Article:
A view from the field:
The 2008 Presidential Election will greatly affect the military including its components of the National Guard and Reserve units, as well as the Global War on Terror. Factors that can be influenced by Obama’s decisions include less deployments and funding. Global War on Terror is not based in one particular location or with one specific group. Another uncertainty lies on how it will affect the bordering countries, occupied countries, and allied countries.
Comments that Obama has made in previous speeches suggest that he is unwilling to work with military commanders solely because he is the Commander in Chief. It is uncertain how Obama’s staff will work with military relations in ending the war in Iraq. Obama proposes that he will refocus “resources on al Qaeda in Afghanistan and finish the fight with the terrorists who attached us on 9/11.” However, in another claim, Obama will “give his Secretary of Defense and military commanders a new mission in Iraq: successfully ending the war. The removal of our troops will responsible and phased.”
In Obama’s most recent comments, he clearly states his proposal to shift the war to Afghanistan. This is exemplified by his comments at a campaign event in Iowa in August: “I’ve said we should be going into Afghanistan, that that’s where bin Laden is, that that’s the central front on terrorism, and that it’s slipping, because we haven’t stay focused on it. We need to send some troops there, not into Iraq.”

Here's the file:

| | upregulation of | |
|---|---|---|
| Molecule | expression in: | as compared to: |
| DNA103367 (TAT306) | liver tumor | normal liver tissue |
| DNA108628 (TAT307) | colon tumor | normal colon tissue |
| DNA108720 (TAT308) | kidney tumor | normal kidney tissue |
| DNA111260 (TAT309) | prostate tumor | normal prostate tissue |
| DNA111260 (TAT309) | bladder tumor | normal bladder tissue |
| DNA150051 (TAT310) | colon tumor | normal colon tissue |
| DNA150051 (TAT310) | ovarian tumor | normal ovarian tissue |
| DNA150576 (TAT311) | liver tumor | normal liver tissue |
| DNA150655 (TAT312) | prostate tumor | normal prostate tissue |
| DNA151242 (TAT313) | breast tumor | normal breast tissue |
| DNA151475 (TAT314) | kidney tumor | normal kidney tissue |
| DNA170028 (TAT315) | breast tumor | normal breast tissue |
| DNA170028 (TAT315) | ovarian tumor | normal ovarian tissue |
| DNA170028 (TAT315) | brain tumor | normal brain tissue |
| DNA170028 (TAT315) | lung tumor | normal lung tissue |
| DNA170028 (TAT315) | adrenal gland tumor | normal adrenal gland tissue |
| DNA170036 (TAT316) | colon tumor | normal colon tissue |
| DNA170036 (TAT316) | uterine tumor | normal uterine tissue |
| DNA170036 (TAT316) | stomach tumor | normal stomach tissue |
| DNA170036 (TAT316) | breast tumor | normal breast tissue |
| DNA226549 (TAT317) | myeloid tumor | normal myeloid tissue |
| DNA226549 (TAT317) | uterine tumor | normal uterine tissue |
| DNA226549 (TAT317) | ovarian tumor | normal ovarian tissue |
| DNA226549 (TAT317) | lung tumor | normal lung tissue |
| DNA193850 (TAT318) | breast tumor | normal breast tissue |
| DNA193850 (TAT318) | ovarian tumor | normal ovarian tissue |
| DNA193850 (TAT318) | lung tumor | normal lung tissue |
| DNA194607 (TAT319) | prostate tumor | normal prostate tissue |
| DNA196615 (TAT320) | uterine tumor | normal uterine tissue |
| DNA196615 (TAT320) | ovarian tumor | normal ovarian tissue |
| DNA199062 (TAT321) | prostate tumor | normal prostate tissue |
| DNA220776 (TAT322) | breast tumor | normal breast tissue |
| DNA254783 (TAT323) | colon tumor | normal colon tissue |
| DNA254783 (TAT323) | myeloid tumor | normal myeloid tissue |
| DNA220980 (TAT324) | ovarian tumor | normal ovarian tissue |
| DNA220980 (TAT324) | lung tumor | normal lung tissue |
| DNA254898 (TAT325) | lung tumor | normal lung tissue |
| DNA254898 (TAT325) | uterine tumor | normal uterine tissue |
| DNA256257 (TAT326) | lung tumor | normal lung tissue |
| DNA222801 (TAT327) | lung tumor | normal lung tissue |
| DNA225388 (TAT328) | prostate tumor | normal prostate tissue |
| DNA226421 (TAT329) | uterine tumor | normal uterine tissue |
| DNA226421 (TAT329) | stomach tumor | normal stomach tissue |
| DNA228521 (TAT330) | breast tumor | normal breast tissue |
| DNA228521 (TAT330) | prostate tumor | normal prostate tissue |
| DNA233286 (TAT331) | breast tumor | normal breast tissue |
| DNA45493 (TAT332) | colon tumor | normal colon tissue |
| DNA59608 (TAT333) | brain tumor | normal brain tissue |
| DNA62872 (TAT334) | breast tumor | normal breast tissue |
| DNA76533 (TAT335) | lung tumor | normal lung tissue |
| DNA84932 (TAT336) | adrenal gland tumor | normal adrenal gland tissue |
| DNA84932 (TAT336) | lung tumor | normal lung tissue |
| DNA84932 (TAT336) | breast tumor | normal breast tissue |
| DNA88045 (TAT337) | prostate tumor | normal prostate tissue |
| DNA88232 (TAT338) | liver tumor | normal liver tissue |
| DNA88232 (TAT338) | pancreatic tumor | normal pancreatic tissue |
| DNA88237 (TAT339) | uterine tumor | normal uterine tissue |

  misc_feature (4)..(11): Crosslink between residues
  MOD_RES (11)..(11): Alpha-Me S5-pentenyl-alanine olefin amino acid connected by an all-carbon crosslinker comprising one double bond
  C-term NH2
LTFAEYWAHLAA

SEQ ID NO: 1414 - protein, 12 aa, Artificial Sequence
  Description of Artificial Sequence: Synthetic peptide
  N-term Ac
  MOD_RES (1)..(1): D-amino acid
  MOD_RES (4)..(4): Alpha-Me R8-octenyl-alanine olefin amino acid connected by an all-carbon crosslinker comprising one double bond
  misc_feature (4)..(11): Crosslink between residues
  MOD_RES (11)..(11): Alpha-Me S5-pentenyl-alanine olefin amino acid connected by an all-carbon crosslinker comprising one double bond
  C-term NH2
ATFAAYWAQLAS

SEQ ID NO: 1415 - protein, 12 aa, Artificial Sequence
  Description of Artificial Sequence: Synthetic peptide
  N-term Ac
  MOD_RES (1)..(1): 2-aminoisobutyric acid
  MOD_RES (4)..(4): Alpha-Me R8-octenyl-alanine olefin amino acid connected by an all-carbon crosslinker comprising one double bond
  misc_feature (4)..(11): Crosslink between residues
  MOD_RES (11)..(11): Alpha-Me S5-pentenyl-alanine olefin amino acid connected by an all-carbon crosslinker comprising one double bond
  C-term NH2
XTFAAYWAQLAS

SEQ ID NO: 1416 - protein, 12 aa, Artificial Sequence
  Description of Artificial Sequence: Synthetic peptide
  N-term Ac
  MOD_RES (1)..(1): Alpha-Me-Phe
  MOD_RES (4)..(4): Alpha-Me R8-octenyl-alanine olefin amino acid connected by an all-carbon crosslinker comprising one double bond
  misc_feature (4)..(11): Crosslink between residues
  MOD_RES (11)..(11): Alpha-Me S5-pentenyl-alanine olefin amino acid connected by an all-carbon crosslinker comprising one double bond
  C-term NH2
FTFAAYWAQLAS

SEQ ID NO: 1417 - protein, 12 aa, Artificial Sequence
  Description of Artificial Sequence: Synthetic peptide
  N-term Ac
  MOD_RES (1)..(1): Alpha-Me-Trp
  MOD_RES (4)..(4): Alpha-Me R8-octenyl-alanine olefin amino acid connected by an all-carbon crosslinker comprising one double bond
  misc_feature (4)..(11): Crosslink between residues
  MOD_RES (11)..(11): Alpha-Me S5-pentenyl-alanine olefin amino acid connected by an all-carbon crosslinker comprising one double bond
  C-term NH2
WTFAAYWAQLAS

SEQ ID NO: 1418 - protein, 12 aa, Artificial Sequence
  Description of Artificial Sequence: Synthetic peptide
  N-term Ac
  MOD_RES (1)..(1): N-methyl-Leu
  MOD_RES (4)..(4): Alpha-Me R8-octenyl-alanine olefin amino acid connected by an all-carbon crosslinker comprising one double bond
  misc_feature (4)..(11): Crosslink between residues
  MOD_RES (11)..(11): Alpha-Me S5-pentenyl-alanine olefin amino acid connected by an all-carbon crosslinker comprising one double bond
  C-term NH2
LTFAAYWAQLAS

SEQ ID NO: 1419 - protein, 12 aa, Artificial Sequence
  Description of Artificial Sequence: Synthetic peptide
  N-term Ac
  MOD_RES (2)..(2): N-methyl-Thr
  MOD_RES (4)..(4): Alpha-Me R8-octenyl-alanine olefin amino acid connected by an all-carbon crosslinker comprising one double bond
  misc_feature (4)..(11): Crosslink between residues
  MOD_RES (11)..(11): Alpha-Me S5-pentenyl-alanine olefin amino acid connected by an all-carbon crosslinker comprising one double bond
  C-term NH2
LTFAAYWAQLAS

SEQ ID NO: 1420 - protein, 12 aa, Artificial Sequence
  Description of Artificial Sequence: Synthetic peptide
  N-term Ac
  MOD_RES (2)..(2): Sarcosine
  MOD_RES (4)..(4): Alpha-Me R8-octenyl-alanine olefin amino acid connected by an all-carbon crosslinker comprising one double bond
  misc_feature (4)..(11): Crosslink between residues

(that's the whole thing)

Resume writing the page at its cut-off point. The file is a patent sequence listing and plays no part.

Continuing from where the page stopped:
This suggests that the troops that are in Iraq will simply be moved to Afghanistan; hence, not ending the war, just moving troops. What is also unknown is how this will affect the military as a whole. Even the affects of the civilians have yet to be determined. Members of the armed forces advise against leaving Iraq and Afghanistan the way U.S. troops left Vietnam. Military leaders along with military personnel are concerned with the unknown actions of the soon-to-be President of the United States and Commander in Chief.